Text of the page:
by Andrey Sekste, Jan Dashkevich and Misha Malikin
The port city of Batumi, Georgia’s second-largest, is a popular holiday destination known for its beautiful nature and hospitality. Yet, one problem that jeopardizes the city’s attractiveness for tourists and the overall quality of life is litter that pollutes its streets, parks, rivers, and beaches.
The types of waste particularly harmful to the environment are plastic bottles, bags, and goods containing synthetic fibers, such as wet wipes and disposable masks. While there are some recycling bins for municipal services to collect, sort, and package plastics, their number could be higher.
A group of volunteers, comprising local Georgians and immigrants from Ukraine, Belarus, and Russia, have decided to address the problem. They initiated “Clean Thursday,” a weekly cleanup event to remove litter from the streets. It didn’t take long before they realized they were fighting the consequences rather than the root cause of the problem: people litter where there are no waste bins.
An idea emerged a few months ago to create a map of all waste bins in Batumi and use it to understand where more bins are needed to help solve the issue. Volunteers have added waste baskets and containers to OpenStreetMap through the Every Door app. They analyzed the data covering about 30% of the city and produced a heat map that displays the varying density of waste bins in different colors.
The volunteer group’s ambition is to present an interactive map to the municipal authorities with recommendations, including quantity, location, and type of additional waste bins to help clean up the city. Their ultimate goals include reducing the amount of litter, helping street sweepers in their work, engaging residents and businesses, and potentially scaling the project to the entire country.
With our roots in humanitarian mapping and open-source approach, supporting social causes is at the core of Kontur’s identity. And since some of our employees live in Georgia, including in Batumi, we wanted to apply our geospatial expertise to solving local environmental challenges. We explored the city’s waste problem and started to map it in our Disaster Ninja interface.
While there is little data on the optimal placement of waste bins in urban areas, some studies recommend a 75m proximity distance around containers, close to the edge length in H3 hexagons of the resolution level 10. At the same time, the Kontur Population dataset already offers population counts in H3 hexagons of the resolution level 8 globally.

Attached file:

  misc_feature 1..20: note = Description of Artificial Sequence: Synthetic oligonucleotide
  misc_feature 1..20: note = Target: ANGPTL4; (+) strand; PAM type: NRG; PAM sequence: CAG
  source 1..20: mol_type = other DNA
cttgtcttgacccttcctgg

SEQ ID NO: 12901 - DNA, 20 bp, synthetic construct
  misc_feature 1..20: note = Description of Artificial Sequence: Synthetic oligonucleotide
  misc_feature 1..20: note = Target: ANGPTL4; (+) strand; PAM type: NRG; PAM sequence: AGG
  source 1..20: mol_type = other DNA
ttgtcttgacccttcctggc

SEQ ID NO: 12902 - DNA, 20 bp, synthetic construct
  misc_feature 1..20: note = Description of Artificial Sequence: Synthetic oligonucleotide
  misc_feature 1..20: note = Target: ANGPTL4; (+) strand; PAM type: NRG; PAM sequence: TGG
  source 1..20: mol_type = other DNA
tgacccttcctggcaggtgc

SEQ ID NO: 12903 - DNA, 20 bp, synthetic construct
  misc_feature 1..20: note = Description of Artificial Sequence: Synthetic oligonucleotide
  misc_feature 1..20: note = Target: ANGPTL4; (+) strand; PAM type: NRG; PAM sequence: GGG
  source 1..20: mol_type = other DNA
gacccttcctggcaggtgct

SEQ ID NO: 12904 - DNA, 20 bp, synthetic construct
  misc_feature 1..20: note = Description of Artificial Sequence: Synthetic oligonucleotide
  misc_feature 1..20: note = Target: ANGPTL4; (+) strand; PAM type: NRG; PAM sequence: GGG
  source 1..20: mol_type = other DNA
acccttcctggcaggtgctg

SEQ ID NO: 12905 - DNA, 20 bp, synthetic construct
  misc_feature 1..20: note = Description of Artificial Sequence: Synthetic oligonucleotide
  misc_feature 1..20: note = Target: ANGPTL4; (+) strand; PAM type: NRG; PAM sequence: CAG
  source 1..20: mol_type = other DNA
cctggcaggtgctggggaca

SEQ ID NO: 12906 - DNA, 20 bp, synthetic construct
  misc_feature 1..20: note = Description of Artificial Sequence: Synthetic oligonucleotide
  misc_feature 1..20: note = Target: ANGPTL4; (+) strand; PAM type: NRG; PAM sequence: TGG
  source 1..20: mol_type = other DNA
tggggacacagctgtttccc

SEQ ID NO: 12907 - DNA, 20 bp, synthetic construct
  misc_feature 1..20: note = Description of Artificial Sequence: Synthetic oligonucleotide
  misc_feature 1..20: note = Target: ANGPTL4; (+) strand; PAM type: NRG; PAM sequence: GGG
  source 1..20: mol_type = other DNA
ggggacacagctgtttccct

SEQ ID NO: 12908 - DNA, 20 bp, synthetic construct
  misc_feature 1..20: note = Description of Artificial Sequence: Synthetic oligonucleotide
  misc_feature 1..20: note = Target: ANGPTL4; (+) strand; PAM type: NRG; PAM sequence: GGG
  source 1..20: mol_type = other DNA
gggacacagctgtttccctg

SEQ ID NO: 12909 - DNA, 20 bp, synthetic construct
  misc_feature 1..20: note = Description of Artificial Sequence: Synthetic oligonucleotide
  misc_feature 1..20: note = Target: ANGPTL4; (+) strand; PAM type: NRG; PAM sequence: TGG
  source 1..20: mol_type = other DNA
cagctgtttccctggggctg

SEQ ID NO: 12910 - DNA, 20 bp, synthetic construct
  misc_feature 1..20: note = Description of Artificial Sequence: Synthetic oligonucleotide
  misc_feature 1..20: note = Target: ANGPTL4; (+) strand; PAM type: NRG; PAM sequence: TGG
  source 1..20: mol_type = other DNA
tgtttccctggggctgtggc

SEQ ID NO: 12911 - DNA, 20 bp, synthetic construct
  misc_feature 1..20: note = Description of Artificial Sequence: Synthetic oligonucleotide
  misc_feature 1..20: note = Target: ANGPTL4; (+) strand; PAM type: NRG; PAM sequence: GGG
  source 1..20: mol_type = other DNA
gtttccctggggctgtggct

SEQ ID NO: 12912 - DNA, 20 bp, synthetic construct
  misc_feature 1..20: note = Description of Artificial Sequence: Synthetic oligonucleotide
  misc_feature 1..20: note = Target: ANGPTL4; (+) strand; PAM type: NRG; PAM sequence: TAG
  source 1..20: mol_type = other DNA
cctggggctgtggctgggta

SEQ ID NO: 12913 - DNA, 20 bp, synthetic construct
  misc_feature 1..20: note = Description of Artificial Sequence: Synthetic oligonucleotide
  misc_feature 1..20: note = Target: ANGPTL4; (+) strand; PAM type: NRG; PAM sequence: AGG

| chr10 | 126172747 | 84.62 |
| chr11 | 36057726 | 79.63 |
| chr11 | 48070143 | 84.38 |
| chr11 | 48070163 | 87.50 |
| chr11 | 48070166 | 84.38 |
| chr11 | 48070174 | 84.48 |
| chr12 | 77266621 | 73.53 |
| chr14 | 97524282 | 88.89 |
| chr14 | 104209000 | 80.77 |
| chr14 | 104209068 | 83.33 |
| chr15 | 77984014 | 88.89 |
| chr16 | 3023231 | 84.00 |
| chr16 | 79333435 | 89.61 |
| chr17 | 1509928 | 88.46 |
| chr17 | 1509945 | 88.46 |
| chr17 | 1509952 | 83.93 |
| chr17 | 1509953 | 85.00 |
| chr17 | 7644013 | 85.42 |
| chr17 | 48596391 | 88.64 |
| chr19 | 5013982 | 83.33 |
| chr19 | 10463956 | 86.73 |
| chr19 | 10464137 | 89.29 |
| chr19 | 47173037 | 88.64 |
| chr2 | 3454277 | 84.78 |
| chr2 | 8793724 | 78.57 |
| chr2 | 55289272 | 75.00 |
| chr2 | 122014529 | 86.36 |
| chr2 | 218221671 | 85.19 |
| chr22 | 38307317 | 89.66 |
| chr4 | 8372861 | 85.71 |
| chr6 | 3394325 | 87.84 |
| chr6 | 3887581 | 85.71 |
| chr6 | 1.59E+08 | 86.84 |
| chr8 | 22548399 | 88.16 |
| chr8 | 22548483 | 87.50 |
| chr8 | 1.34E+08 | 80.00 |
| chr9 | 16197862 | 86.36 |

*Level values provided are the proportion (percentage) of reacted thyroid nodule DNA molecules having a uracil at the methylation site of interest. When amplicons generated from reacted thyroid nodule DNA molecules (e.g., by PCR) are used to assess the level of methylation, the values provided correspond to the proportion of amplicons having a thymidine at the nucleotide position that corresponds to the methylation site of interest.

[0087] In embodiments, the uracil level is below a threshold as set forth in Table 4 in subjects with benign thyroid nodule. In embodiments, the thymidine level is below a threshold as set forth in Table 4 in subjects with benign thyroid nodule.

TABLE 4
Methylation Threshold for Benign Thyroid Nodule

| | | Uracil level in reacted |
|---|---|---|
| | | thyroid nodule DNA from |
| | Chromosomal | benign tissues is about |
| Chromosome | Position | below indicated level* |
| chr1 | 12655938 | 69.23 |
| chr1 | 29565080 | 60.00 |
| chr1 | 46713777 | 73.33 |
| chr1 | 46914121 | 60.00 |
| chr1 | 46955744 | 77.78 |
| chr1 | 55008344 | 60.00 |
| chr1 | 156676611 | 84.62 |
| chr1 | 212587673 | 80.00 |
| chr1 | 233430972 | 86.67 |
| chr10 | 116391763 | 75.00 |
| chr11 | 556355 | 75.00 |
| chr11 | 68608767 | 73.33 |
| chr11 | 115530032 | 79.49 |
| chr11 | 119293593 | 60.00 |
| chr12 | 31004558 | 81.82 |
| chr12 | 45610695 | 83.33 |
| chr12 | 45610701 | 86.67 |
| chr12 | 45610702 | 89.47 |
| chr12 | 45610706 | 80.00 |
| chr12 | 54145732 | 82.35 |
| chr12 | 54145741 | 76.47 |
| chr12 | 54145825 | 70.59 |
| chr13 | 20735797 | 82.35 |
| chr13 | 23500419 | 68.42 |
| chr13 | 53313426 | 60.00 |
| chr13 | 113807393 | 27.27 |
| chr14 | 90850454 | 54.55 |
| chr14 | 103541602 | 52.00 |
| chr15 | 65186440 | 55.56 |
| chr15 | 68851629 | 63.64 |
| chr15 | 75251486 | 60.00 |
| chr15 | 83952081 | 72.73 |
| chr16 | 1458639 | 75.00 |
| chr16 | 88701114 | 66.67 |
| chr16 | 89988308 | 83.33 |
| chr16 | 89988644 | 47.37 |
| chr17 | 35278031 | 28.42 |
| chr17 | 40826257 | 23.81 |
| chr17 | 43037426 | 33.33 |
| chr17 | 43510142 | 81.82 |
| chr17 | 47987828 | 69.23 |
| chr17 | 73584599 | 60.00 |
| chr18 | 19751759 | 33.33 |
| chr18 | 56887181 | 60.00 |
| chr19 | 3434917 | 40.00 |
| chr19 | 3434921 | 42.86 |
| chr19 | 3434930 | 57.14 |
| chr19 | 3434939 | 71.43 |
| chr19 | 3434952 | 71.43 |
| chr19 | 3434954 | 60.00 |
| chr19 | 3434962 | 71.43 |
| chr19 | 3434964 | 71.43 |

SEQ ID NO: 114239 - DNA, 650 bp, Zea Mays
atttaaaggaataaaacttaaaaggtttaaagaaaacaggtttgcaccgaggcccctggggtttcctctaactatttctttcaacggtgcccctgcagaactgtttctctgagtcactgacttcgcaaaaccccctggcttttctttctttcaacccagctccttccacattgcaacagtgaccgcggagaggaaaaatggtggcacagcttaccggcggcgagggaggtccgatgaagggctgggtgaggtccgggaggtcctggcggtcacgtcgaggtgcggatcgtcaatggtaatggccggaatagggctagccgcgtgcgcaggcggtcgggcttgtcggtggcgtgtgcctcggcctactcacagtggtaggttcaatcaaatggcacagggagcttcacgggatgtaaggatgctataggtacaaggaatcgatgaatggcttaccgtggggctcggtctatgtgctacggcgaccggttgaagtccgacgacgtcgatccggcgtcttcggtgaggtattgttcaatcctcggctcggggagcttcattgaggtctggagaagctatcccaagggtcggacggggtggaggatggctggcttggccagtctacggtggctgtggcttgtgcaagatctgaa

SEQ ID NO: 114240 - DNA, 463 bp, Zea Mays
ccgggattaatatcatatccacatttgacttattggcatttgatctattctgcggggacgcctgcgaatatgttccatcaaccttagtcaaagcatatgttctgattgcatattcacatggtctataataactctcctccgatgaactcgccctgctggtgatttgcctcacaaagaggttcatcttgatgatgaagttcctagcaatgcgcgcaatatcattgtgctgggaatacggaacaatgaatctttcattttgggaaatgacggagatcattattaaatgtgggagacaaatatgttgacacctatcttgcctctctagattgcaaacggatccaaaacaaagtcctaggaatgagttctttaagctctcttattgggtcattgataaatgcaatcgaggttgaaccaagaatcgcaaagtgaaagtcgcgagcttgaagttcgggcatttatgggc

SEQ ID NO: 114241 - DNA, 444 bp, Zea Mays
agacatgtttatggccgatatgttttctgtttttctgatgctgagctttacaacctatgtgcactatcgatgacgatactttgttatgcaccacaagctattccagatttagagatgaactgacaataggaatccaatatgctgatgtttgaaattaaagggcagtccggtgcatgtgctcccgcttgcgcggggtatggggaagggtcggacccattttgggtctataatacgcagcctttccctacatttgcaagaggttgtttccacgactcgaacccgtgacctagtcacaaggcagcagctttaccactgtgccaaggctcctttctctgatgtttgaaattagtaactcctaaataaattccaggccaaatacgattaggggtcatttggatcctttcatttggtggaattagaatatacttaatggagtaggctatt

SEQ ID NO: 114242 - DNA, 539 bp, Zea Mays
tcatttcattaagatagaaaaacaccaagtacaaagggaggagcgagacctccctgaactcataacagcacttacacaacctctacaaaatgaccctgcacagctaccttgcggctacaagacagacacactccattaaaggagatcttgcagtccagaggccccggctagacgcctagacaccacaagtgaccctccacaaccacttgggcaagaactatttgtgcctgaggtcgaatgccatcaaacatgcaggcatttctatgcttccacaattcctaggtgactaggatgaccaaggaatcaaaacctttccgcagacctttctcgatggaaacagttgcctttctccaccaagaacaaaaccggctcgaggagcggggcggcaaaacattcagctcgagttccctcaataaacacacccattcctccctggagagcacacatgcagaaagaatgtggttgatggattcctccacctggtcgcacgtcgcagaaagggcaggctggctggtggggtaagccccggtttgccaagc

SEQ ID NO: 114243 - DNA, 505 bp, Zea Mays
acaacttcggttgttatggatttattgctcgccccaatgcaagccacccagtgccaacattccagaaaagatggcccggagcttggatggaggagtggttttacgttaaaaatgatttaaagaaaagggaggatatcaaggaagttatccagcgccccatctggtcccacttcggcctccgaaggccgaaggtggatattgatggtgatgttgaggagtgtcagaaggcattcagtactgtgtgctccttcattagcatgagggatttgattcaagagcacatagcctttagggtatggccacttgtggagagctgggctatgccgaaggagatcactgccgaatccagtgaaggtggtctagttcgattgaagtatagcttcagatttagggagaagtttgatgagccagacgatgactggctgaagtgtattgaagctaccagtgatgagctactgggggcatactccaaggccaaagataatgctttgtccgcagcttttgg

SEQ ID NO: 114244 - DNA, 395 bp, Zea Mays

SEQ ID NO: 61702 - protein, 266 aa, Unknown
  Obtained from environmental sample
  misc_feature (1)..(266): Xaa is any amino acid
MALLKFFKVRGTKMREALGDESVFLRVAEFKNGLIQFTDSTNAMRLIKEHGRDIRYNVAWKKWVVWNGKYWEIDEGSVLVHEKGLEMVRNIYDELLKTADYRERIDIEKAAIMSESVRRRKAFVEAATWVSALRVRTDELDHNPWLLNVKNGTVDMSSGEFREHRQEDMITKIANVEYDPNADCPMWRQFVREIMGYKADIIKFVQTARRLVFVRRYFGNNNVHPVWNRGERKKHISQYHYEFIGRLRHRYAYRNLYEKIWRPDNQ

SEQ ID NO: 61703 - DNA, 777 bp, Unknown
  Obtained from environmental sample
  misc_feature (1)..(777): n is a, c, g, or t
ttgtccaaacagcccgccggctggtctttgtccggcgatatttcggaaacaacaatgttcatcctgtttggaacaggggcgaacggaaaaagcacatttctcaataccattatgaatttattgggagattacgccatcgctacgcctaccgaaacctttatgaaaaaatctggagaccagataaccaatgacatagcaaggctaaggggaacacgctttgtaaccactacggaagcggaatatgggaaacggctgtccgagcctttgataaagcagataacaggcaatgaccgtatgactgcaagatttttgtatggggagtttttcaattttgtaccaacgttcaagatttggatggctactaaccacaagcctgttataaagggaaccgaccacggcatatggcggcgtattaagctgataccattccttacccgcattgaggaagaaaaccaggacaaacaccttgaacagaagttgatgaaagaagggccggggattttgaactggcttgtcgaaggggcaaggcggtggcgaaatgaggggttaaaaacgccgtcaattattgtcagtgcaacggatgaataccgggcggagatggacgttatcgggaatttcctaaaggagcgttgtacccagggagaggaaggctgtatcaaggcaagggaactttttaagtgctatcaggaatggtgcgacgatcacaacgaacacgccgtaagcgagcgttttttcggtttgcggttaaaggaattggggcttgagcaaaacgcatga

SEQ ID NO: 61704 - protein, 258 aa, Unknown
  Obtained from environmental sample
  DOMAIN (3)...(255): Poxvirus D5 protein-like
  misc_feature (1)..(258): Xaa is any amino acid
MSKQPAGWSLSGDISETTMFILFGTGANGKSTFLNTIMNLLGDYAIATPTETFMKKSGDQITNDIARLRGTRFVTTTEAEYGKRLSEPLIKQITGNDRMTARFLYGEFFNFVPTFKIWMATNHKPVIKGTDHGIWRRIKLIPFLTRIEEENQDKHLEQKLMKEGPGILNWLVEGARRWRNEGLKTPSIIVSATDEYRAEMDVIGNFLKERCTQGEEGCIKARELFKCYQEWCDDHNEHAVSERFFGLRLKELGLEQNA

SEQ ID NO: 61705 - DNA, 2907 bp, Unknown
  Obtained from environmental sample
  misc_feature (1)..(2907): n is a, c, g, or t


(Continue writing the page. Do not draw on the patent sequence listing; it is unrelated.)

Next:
For each hexagon, we divide the sum of areas of its lower-level hexagons that contain at least one waste bin (according to OpenStreetMap) by the sum of areas of lower-level hexagons that contain at least one person (according to Kontur Population). What we got is a measure of waste bin availability in the range of 0 to 100%:
Waste bin availability ratio = area covered with waste bins/populated area
To visualize these data along with population density within one layer, we created a bivariate choropleth map with a simple color code to rank the zones.
Population density is a crucial indicator for analyzing the optimal location of infrastructure assets. We also use it in our other maps in Disaster Ninja – from fire service station coverage to EV charger availability.
“My first impression is that the [Waste Container Availability] map tells you the truth – this is how things are at the moment. And then you want to zoom in and dig deeper.”Volunteer initiative activist Peter Rudenko (@peter_hanzo)
We can apply lessons learned from the waste basket placement challenge to any activities of infrastructure asset planning. City authorities need reliable data and practical tools for data analysis and visualization to make evidence-based decisions. While OpenStreetMap data is often incomplete, we can enrich it through our data services or use our clients’ datasets that, combined with our analytical capabilities, help achieve beneficial outcomes for municipalities, their residents, and society as a whole.